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Monday, 13 January 2014 07:06

Paryushana Mahaparva

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This is also known as Ashadh Chaturdasi.

This is the commencement of Chaturmas (the four months of the monsoon). 

The Jain Sadhus and Sadhvis (holy men) remain where

 

they happen to be on that day for the next four months. During these four months.  The Jains have to follow a strict diet and undertake religious ceremonies.

The Jain parva (meaning festival) of Paryushana (meaning to stay closer) originates from the practice adopted by itinerant monks of staying in one place during the Indian monsoon. The festival is taken symbolically as a period for re-establishing a connection with the soul.

There is a colourful ritual which tells the story of the conception of Lord Mahavira, the man who shaped the Jain religion over 2,600 years ago.

The Jain scriptures tell how Mahavira's mother had a series of dreams at the time of his conception.  These dreams predicted various qualities which the future leader would display. On this feast day, silver figures representing these dreams and symbolic of virtues such as strength, courage and wisdom are paraded through the congregation and up to the altar.  Rich families bid for the privilege of carrying these symbols, and the money is used to support the community.  The rituals are also used to teach the story to the children.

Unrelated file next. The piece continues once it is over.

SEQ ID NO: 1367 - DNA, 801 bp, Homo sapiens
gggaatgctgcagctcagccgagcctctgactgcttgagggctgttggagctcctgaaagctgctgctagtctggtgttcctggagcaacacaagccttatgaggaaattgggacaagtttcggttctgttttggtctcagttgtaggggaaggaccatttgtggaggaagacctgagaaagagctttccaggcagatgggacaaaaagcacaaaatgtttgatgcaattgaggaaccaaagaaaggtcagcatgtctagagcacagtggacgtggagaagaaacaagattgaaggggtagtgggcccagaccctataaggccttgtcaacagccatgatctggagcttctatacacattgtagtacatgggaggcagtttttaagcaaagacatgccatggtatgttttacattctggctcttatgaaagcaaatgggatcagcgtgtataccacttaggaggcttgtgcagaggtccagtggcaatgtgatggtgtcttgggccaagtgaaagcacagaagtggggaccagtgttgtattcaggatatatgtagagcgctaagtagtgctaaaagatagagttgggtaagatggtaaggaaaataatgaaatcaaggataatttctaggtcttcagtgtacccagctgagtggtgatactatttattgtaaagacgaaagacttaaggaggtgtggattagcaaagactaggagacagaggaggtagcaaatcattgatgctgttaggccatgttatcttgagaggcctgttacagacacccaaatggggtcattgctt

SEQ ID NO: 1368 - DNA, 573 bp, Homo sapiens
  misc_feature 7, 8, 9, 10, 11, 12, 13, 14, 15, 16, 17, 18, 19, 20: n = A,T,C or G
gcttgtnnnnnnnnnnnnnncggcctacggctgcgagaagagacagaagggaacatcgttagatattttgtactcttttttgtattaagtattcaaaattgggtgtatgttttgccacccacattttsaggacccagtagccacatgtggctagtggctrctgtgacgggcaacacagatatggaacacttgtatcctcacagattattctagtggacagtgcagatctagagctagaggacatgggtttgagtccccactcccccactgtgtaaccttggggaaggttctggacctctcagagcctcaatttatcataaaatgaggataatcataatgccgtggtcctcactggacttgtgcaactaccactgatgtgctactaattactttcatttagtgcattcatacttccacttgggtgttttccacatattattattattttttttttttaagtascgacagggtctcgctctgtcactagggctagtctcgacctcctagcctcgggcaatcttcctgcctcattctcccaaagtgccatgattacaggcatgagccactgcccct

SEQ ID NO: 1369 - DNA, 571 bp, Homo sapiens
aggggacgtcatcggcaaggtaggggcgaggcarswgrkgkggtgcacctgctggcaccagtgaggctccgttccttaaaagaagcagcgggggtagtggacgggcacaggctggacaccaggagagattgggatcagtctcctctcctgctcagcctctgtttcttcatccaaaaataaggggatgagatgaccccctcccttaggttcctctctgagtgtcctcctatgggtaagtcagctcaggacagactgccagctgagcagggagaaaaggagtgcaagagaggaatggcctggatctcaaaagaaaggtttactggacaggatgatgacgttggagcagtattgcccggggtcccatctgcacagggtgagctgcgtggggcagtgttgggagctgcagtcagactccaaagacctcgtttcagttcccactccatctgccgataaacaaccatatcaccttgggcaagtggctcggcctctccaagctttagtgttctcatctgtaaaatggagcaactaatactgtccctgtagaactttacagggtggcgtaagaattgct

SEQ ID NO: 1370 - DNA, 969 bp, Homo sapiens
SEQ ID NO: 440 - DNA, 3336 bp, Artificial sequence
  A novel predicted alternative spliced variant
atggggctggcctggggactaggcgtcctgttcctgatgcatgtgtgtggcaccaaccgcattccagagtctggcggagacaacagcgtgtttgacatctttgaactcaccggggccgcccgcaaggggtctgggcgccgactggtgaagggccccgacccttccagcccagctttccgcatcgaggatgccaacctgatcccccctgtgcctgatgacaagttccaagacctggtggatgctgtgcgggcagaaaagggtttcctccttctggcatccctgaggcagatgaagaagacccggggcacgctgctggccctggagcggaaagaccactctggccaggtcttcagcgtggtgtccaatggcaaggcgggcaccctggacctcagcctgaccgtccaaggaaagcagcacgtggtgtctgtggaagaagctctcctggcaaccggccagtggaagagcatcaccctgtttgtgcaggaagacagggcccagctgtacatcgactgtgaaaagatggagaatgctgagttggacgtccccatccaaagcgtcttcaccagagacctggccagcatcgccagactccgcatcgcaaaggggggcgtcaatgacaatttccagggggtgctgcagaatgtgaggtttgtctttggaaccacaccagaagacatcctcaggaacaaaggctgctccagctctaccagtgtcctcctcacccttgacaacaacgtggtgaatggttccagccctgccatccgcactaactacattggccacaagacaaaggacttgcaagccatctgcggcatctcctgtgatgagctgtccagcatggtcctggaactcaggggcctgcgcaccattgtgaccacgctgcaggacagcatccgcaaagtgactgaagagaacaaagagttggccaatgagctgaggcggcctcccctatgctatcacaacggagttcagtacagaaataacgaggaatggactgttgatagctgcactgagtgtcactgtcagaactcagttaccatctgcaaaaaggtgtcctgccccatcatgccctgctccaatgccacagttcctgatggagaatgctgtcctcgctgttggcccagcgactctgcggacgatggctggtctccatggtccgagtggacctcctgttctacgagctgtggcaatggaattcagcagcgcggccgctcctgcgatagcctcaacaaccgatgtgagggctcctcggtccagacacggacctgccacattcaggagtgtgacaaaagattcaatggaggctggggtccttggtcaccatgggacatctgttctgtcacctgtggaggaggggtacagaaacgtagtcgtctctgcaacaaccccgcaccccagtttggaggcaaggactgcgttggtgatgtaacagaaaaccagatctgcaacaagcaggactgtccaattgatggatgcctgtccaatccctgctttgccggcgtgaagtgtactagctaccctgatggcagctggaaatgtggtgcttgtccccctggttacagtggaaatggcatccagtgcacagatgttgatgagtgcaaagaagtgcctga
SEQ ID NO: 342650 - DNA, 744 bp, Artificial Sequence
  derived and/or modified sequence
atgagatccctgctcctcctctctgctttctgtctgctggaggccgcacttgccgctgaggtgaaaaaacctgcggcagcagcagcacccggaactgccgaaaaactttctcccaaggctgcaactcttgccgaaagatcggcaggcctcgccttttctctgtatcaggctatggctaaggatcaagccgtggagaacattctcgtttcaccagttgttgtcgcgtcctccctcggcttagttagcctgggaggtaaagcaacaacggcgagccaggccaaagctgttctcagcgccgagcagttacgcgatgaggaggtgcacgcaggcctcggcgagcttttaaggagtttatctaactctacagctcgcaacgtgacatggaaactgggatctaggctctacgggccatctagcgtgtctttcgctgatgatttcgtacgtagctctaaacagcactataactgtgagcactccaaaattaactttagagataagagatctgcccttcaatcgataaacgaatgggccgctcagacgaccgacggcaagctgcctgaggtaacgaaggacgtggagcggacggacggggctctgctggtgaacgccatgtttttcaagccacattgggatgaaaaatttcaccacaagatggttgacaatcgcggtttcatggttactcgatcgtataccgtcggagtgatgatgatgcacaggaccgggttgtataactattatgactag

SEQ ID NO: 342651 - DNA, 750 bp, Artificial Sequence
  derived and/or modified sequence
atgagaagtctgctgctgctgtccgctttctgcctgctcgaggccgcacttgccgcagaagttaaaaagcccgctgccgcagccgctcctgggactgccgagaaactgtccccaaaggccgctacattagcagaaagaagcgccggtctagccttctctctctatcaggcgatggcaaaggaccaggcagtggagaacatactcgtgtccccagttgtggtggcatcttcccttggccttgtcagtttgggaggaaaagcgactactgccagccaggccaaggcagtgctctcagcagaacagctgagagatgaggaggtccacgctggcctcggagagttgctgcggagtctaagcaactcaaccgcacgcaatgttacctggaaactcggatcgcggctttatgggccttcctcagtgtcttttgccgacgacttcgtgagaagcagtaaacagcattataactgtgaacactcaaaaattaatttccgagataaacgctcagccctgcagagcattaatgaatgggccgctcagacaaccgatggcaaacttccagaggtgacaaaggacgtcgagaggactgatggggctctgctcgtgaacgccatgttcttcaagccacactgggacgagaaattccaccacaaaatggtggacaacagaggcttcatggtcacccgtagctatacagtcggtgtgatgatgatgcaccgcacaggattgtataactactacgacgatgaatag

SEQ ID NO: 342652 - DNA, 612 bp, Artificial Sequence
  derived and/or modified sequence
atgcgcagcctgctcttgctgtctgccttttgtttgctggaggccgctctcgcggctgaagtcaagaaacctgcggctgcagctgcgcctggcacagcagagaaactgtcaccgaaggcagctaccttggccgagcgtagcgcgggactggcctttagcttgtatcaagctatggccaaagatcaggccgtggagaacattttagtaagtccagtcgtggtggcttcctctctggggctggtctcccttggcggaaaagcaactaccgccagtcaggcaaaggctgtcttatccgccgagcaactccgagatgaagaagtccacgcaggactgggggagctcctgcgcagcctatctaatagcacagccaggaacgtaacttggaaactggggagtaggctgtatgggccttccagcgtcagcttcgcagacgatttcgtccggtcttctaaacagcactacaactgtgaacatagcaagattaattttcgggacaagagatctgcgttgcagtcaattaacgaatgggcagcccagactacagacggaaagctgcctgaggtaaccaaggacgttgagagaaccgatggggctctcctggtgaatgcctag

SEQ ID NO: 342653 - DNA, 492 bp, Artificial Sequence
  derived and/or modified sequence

At the end of the ceremony a silver coconut is placed in a swing to represent the appearance of Mahavira in the womb.  Each member of the congregation then rocks the swing, symbolic of nurturing the new life to come.

This is the holiest time of the year for Jains.  There are 8 to 10 days (depending on the sect the member belongs to) of meditation, fasting and prayer.  During these days the spiritual leaders read out the Kalpasutra, the most sacred scripture of the Jain.  The feast ends with a ceremony of atonement which prepares the follower for emergence into the world in a state of spiritual and moral refinement.

Jains belong to one of two major sects.  The first sect is Digambara (dig means sky, and ambar means clothes.  Therefore they are sky-clad or naked).  Digambara Jains are more austere, and aim for freedom from all material trappings and social inhibitions. The hold the festival over 10 days.  The second sect is Shvetambara (white-clad). They wear a simple white cloth and hold the festival over 8 days.

Read 1666 times Last modified on Friday, 14 February 2014 07:39
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